Note from Nick: We’ll be running content from our friends over at the International Academy of Film and Television in Los Angeles on CHUD, hopefully sharing some new voices and opinions and eventually creating a conduit from the Sewer there and back again. If you’re in Los Angeles and pondering films school, find them at




by Frederick Bailey Directing Mentor, IAFT/Los Angeles

When I moved to Los Angeles in 1977, I didn’t know many people, so I spent a lot of time in movie theatres. This was way before the arrival of VCRs and DVD players—not to mention Netflix, Hulu and YouTube. That means the only way to see movies uninterrupted was in theatres, on the big screen.

There were plenty of repertory cinemas in those days, theatres that would show double features of old movies. They would change the bill two or three times a week, and there were probably a dozen such theatres in town—all but one or two of them gone now. The choices were virtually limitless.

Admission was something like $2. Maybe less!

So I spent a year in the dark, seeing more than 400 movies in one twelve-month stretch. Mostly I saw studio output from the 1930s and ‘40s. For me, it was better than a year in college.

One benefit was I was finally able to figure out why some people were famous. I had always disliked Joan Crawford—couldn’t figure out how she ever became a big star. Then I saw her in Grand Hotel (1932), The Women (1939), and others, when she was young and vibrant, and I understood. She started out wired—instead of weird. She was really something.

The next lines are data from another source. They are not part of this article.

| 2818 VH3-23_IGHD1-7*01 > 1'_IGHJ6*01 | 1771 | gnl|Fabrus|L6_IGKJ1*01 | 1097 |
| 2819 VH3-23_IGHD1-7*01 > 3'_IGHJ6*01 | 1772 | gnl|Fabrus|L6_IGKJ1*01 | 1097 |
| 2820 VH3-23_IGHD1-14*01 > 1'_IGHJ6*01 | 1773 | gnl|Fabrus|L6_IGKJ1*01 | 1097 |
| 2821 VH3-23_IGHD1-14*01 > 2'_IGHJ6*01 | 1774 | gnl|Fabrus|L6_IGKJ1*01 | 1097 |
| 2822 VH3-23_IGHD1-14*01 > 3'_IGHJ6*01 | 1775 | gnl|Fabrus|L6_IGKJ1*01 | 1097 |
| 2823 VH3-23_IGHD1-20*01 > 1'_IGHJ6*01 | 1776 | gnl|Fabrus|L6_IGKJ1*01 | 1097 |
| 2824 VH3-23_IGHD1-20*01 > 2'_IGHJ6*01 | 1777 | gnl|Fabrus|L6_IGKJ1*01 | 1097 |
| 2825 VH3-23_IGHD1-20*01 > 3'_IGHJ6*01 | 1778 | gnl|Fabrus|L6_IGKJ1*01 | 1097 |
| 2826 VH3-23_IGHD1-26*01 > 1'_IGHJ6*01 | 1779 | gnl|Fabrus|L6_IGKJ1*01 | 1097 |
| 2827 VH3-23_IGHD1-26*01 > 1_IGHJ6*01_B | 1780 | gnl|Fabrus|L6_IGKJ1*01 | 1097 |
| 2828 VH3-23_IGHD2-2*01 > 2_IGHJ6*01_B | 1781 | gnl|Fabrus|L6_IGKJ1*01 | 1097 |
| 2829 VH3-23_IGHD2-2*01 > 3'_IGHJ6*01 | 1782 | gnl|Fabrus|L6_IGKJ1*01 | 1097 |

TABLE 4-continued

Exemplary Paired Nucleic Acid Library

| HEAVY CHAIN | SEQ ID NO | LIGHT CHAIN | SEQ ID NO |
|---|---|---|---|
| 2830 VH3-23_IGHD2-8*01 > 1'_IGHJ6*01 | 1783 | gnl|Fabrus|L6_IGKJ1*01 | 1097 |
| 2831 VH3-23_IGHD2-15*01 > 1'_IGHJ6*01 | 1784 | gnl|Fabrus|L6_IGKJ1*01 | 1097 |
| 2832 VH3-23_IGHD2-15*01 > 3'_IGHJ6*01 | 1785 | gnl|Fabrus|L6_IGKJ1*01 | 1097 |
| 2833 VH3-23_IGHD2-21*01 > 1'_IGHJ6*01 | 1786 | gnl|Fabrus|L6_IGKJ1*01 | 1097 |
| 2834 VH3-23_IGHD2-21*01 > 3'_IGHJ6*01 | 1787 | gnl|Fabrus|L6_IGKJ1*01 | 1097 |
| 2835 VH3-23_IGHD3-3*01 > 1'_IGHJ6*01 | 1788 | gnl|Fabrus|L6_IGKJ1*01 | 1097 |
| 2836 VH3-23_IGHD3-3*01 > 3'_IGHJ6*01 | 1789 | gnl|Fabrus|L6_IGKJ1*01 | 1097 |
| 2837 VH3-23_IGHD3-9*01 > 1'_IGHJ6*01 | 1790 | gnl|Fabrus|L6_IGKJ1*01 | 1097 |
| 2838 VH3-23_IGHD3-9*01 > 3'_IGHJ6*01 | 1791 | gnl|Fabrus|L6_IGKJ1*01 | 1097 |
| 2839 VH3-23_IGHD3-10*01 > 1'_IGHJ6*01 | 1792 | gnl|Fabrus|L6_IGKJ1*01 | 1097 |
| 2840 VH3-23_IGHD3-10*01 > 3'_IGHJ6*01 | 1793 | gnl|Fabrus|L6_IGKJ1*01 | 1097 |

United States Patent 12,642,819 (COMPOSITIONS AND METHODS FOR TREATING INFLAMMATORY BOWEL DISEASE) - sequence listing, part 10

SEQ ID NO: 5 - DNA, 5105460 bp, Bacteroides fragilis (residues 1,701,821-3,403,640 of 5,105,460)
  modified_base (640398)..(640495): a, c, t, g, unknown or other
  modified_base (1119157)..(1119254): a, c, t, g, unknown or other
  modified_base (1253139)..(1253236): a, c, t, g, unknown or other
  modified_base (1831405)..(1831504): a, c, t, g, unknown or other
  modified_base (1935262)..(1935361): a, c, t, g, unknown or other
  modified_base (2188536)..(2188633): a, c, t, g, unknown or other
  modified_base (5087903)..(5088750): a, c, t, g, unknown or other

Barbara Stanwyck was another actor I was familiar with from TV, but the honesty and immediacy of her work in studio pictures like Ten Cents a Dance (1931), The Lady Eve (1941), and Double Indemnity (1944) was what really nailed me to the wall.

Preston Sturges did Lady Eve and Billy Wilder did Double Indemnity, both first-rate helmsmen, but the directors who meant the most to me were John Huston, William Wyler, Frank Capra, Howard Hawks, Orson Welles, Alfred Hitchcock, and John Ford.

A cluster of overseas directors, working in languages other than English, also made a mammoth impression on me. Foremost among them were Yasujiro Ozu, Akira Kurosawa, Kenji Mizoguchi (all from Japan); Federico Fellini, Pietro Germi, Vitorrio De Sica, Michelangelo Antonioni (all from Italy); Ingmar Bergman (Sweden); Francois Truffaut, Jean-Luc Godard (France); and Satyajit Ray (India).

I strongly urge people interested in making movies to study the work of the best directors from that period of Hollywood and world cinema history, because it was a golden age of movies, with good story structure and an emphasis on adult emotions and adult acting.

Sad but true… They don’t make ‘em like that any more.